Well, here’s something unexpected. An American R&B star is cutting an album that may be released only in Japan.
Eric Benet, who sings tonight at Boulder Station, was asked by Warner Music Japan to make an album of cover songs.
So Benet is recording such classics as the Doobie Brothers’ “What a Fool Believes” and Paul Young’s “Everytime You Go Away.”
Benet says he agreed to do this because he thought it might be fun to relive “soft rock, middle of the road, late ’70s, early ’80s songs.”
“It’s feeling good,” Benet, 46, says. “All of them are part of the soundtrack of my youth. So it’s an incredibly nostalgic high, going into the studio.”
He expects the album to sell in Japan by fall. If Benet can release part or all of the album in America, that wouldn’t happen until 2014. (Keep up with Benet’s progress at Instagram.com/ericbenet.)
I reminded Benet if the album gets sold only in Japan, Americans will just download it for free off the Internet.
“I know. It’s a crazy world, man,” Benet says.
It’s a bad time for musicians to get paid for songs. In fact, other musicians have recently criticized the online jukeboxes Pandora and Spotify for streaming their songs without paying them much in royalties.
In June, Cracker guitarist David Lowery posted Pandora documents online, under the incredible headline:
“My Song Got Played On Pandora 1 Million Times and All I Got Was $16.89, Less Than What I Make From a Single T-Shirt Sale!”
Benet is frustrated, too.
“It would be nice if the artist actually got paid again,” Benet says.
But he points out Americans are insulted when they’re asked to pay for music.
“I don’t know any other art form where it’s like: If you like a painter or a sculptor, you say, ‘I’m just going to take it.’
“It’s a whole generation now where people think they don’t have to pay for music. It’s very weird.”
Most musicians make their money by touring. You can support Benet by paying to see him tonight. He offers you a bonus: “If you happen to see me gambling, why don’t you come on up and have some fun with me? Because I’m sure I’ll be at a blackjack table somewhere.”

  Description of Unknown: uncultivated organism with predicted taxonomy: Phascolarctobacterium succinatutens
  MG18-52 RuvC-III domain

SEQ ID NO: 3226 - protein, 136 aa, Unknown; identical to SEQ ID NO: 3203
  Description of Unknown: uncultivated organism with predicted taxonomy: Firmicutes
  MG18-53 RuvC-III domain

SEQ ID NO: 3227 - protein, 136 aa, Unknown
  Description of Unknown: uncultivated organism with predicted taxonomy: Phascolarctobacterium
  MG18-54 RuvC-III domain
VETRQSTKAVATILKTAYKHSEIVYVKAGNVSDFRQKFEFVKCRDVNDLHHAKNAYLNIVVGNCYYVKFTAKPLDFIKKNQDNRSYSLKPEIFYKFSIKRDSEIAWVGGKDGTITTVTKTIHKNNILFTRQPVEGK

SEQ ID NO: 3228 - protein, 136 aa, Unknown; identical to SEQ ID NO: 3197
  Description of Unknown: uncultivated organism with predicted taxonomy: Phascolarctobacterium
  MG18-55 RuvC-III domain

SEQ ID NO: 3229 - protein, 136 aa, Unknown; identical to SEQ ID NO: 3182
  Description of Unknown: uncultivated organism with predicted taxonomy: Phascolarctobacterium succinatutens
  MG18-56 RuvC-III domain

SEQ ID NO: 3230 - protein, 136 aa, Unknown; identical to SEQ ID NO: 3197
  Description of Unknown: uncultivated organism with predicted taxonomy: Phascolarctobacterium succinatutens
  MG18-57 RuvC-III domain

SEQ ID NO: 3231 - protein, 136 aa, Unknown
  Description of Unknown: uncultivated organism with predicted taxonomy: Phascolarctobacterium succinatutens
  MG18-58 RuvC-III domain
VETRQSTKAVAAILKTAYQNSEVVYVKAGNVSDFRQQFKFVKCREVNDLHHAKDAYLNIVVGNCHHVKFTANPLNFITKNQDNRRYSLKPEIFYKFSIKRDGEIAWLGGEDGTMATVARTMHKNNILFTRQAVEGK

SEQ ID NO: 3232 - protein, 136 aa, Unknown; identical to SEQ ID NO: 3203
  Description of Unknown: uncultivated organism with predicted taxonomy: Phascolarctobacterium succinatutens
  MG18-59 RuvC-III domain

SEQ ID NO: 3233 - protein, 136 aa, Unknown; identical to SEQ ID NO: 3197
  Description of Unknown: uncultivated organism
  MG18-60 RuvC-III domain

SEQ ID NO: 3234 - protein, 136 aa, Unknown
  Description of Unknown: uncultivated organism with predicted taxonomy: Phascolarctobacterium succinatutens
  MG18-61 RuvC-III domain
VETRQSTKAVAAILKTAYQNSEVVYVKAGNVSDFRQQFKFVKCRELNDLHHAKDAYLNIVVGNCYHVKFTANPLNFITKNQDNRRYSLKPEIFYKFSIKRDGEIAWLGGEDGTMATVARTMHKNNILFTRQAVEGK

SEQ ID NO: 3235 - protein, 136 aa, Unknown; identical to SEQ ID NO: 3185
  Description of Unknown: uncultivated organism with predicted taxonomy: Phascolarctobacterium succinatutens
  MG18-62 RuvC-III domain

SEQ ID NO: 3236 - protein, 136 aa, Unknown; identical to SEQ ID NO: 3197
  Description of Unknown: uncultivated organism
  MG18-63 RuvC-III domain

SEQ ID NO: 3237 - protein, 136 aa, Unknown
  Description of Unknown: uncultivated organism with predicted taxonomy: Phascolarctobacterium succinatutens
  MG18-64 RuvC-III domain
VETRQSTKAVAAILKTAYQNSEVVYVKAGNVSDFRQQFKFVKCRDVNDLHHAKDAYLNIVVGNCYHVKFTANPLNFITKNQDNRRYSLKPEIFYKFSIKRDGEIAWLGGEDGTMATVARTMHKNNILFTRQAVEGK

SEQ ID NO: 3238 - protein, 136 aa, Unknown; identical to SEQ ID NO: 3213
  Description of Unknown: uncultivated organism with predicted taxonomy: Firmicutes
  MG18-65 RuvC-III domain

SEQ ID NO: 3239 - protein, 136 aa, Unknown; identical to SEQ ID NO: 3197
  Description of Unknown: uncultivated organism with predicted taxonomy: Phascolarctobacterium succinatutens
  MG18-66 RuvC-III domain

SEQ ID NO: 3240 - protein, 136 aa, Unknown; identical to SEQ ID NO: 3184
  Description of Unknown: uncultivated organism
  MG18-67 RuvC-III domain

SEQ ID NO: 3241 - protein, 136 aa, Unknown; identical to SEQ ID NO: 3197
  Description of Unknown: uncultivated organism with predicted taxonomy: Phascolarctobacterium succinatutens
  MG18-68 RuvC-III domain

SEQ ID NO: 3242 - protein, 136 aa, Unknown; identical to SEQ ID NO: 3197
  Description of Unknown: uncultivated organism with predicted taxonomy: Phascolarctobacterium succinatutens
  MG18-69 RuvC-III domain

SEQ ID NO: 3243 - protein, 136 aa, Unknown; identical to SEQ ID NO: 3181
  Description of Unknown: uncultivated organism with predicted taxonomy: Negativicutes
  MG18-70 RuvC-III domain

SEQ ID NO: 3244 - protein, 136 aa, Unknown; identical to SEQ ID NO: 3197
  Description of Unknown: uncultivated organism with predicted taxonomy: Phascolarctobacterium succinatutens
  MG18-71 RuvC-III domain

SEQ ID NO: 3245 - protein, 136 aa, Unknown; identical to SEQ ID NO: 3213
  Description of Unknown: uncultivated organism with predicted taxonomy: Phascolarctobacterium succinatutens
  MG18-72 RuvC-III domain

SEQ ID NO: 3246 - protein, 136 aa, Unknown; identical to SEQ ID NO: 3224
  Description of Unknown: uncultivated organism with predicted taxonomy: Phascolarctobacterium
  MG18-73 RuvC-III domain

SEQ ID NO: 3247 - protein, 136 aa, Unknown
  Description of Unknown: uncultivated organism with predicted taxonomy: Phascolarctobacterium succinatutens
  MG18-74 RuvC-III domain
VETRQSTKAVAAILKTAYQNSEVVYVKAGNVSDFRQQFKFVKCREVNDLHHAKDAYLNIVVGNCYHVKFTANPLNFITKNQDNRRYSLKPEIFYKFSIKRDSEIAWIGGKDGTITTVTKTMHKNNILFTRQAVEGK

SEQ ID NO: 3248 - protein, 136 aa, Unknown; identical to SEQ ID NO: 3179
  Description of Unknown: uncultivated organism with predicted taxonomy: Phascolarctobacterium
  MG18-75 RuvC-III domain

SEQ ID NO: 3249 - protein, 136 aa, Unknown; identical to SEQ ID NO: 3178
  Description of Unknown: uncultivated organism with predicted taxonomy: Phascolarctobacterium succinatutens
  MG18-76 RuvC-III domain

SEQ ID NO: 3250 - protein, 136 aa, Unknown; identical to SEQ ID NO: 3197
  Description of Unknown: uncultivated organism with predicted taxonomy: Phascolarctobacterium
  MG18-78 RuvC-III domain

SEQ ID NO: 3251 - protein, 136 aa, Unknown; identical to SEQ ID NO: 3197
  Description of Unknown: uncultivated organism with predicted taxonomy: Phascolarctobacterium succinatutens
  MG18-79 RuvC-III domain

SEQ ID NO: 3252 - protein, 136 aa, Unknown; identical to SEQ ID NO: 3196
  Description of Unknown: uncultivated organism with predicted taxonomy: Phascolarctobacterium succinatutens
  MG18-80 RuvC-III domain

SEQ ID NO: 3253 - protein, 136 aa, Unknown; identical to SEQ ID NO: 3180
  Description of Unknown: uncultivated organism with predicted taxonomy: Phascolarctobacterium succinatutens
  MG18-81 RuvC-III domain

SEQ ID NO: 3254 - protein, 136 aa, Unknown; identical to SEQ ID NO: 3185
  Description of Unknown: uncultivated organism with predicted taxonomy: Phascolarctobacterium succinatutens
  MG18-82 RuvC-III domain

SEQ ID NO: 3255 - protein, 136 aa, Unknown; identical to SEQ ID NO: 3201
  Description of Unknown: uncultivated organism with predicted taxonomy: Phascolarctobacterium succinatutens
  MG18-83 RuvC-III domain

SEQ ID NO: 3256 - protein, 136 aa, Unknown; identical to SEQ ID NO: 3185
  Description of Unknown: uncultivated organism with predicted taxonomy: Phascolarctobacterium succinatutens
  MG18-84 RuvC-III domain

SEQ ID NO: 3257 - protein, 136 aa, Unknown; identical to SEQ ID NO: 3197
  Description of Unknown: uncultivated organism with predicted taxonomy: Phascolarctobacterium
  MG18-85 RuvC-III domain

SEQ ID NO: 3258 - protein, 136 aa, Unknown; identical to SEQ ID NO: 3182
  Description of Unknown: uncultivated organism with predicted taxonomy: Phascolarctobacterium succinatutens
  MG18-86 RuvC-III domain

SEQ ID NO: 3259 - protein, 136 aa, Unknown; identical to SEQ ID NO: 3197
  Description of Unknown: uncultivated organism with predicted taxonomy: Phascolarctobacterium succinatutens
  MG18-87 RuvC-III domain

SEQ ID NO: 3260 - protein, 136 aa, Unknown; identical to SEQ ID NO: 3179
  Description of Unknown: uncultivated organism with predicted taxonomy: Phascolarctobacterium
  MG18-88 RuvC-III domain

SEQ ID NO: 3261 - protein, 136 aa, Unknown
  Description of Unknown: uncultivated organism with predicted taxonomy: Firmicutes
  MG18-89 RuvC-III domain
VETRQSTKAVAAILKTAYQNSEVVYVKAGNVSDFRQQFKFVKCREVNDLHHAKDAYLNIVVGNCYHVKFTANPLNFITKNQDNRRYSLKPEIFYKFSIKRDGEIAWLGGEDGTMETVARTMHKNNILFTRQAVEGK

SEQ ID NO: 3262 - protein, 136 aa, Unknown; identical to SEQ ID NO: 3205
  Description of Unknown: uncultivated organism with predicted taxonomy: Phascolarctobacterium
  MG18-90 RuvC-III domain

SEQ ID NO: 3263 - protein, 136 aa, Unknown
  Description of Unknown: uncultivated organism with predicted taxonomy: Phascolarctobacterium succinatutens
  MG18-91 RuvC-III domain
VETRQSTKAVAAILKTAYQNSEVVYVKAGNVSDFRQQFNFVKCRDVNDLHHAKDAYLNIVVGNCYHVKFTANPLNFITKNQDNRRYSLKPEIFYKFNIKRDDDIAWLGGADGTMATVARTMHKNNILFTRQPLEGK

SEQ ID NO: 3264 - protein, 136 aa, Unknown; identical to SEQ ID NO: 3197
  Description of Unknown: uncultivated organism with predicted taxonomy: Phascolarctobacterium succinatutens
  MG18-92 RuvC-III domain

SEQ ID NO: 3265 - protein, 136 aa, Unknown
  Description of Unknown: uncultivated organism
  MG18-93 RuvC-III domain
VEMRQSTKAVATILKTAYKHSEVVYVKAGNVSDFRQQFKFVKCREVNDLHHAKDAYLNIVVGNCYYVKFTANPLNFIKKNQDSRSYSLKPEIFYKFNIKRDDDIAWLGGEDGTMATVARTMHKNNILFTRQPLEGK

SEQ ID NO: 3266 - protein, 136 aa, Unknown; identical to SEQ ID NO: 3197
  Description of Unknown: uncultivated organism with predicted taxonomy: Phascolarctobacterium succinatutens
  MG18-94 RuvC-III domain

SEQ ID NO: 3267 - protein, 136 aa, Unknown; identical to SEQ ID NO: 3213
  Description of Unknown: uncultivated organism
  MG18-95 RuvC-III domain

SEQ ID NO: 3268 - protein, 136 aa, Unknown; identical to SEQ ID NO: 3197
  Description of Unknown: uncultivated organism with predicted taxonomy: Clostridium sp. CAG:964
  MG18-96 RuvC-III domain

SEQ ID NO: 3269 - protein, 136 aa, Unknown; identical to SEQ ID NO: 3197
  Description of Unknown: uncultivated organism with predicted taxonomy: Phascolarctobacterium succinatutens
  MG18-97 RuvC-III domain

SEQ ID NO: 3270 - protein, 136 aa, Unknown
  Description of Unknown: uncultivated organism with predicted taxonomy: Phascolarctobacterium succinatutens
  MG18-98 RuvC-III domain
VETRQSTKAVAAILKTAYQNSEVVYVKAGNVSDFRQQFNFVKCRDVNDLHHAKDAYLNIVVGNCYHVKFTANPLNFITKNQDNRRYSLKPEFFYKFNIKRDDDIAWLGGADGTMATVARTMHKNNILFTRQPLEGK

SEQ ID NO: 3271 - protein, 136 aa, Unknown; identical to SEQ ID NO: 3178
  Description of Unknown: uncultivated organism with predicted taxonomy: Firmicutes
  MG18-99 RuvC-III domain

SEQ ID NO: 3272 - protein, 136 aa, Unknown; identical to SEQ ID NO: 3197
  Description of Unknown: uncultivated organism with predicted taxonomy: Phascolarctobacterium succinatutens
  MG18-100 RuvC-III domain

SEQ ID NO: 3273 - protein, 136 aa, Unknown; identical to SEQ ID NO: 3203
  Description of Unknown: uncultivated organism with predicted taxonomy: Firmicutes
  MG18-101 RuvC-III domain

‘BEHIND CLOSED DOORS’
If you are single and looking for a lot of men in one place: The “Star Trek” convention is at the Rio.
If you’re a swinging couple: The Vegas Exchange “lifestyle” convention is at the Palms.
And if you are looking for women en masse: The Golden Nugget today hosts the Romance Novel Convention book fair (10 a.m.-2 p.m.; free to the public ).
“The women definitely outnumber the men here quite a bit — probably 50 or 60 to one,” romance novelist Sherri Hayes observed when she checked in the other day.
Hayes is a choir singer-turned-romance novelist. She writes a variety of styles — from “medium steam level” (along the lines of Harlequin), up to BDSM erotic-romance.
But she says her BDSM isn’t as steamy as other writers’ full-on erotica.
“BDSM is such a blah term. It’s bondage and discipline, dominance and submission, and sadomasochism,” Hayes explains.
“When someone says BDSM, someone could be talking about all of those things, or just one or two of those things.”
Oh. I see?
Anyway, Hayes (SherriHayesAuthor.com) — author of “Behind Closed Doors,” “Red Zone” and “Slave” — says you will find romance authors to be humble and personable.
“We’re not the glitz and glam, fame and fortune, type. We’re more down to earth. We’re just normal people.”
Doug Elfman’s column appears on Page 3A in the main section on Mondays, Tuesdays, Thursdays and Saturdays. He also writes for Neon on Fridays. Email him at firstname.lastname@example.org. He blogs at reviewjournal.com/elfman.